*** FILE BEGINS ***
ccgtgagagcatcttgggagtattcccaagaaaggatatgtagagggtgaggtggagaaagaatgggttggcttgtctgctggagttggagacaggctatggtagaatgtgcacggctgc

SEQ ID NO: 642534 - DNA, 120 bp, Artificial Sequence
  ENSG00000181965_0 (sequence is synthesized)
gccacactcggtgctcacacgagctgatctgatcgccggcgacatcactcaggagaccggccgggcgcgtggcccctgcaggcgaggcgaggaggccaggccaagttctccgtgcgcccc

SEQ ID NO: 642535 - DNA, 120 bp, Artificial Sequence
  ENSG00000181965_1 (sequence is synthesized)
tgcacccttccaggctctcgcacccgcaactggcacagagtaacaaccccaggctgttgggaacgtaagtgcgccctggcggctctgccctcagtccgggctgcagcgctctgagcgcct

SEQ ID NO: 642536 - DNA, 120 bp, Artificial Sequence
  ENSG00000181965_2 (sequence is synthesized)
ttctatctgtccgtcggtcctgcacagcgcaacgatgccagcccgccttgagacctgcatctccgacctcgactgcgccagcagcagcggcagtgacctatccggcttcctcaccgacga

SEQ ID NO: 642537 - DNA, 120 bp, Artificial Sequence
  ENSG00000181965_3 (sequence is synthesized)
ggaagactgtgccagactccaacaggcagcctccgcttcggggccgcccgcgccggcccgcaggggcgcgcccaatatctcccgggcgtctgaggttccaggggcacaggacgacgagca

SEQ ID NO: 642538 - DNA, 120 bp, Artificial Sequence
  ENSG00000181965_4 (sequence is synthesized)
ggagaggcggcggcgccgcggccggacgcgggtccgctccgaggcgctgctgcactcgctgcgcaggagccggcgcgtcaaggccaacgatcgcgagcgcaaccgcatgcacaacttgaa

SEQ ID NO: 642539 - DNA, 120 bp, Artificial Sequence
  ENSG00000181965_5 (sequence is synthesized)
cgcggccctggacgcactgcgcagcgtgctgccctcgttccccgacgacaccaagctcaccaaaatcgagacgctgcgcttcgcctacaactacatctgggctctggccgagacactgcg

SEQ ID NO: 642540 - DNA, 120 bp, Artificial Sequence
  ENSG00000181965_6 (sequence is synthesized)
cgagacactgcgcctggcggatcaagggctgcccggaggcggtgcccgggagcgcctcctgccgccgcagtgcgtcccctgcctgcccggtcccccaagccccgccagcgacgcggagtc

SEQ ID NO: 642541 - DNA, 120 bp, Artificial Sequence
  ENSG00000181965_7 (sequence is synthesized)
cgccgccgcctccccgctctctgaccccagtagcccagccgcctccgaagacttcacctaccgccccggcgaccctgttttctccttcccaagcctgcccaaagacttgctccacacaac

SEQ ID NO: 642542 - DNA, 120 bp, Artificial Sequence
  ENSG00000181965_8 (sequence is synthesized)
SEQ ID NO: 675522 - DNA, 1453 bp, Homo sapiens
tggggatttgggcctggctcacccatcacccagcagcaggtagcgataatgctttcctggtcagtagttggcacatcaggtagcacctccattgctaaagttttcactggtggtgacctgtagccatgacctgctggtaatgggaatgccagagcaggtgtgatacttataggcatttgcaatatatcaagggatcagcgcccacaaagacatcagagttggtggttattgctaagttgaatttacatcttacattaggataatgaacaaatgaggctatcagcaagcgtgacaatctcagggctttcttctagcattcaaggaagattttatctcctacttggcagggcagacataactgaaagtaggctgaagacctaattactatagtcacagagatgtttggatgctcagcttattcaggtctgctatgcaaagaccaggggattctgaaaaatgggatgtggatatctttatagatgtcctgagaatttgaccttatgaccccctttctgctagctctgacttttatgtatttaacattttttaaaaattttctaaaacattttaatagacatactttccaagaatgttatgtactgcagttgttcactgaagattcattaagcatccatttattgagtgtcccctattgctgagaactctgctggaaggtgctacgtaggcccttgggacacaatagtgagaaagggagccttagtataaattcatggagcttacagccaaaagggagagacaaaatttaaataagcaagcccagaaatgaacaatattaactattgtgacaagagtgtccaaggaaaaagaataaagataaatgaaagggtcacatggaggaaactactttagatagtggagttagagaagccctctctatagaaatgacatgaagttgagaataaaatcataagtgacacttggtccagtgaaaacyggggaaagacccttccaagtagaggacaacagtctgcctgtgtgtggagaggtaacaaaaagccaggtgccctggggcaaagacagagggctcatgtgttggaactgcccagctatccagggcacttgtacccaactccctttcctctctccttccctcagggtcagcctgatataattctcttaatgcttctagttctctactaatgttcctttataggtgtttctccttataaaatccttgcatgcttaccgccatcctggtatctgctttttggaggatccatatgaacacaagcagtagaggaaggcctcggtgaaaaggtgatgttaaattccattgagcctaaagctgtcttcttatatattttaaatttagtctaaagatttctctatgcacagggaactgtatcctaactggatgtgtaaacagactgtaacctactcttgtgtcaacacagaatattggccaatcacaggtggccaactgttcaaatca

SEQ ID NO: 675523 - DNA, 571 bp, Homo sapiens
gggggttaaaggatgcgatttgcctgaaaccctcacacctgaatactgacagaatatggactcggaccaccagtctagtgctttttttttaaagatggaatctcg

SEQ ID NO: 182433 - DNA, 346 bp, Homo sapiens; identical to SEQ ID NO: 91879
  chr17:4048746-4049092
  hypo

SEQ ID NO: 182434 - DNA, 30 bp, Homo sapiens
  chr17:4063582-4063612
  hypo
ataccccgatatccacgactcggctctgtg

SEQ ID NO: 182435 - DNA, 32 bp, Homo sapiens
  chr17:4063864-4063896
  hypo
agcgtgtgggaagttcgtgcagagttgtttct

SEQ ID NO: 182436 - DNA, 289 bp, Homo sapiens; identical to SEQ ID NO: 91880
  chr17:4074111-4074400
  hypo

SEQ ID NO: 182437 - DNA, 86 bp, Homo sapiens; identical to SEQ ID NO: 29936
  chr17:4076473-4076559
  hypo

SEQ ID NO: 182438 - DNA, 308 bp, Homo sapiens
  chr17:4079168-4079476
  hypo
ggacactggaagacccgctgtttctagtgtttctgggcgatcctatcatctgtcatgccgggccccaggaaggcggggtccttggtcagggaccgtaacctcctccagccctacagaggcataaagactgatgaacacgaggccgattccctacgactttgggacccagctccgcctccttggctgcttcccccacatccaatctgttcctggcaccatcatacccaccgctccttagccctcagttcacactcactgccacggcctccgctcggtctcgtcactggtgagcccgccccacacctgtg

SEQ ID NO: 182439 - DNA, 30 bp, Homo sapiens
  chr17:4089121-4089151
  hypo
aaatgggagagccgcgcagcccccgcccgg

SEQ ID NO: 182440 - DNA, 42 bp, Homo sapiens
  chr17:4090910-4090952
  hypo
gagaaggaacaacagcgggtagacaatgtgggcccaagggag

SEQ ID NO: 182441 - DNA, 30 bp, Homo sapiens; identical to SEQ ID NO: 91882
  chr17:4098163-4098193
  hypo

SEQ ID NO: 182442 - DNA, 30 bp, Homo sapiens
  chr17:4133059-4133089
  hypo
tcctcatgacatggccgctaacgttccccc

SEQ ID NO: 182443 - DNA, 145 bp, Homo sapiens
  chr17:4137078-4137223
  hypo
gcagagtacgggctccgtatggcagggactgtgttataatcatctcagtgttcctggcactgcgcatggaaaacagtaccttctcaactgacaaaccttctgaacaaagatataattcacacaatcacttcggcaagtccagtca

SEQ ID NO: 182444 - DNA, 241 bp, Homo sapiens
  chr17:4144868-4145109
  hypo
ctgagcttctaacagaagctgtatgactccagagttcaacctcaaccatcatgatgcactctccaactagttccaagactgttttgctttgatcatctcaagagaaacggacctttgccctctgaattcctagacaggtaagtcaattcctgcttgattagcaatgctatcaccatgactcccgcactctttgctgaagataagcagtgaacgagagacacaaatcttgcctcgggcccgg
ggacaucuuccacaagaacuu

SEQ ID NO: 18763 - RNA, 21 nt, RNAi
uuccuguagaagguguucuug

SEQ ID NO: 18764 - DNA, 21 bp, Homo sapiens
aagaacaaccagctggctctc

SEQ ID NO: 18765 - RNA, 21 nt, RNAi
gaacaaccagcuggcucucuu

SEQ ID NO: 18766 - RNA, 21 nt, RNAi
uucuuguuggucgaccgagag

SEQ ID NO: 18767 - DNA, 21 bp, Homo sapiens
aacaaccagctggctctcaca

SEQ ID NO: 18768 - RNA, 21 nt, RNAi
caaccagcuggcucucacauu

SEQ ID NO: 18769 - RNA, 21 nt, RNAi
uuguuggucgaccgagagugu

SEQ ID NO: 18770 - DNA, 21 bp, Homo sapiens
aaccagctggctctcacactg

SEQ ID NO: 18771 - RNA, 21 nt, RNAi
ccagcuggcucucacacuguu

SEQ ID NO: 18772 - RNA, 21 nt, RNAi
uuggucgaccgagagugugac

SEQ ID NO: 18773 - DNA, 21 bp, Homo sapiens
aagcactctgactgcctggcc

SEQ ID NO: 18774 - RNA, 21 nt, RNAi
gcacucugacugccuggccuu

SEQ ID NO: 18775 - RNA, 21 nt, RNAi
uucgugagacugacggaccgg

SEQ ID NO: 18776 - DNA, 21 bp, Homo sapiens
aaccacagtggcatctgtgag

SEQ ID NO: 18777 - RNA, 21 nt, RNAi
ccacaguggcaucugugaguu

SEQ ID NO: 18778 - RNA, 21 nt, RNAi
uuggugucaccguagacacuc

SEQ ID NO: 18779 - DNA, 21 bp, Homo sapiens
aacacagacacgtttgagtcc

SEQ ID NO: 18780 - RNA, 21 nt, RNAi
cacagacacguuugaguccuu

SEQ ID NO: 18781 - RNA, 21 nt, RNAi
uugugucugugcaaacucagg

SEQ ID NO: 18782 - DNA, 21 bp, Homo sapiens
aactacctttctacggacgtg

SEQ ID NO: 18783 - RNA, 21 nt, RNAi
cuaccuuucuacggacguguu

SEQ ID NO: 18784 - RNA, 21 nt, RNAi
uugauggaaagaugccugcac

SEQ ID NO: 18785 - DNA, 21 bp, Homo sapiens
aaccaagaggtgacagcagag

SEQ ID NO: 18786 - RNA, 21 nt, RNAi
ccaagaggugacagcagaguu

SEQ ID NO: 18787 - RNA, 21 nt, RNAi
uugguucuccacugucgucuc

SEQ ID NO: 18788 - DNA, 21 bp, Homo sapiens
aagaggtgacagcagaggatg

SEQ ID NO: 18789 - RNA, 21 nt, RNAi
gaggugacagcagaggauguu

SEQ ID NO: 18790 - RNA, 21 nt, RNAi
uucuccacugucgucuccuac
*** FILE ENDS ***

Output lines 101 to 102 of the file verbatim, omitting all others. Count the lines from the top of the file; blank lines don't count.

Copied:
SEQ ID NO: 18775 - RNA, 21 nt, RNAi
uucgugagacugacggaccgg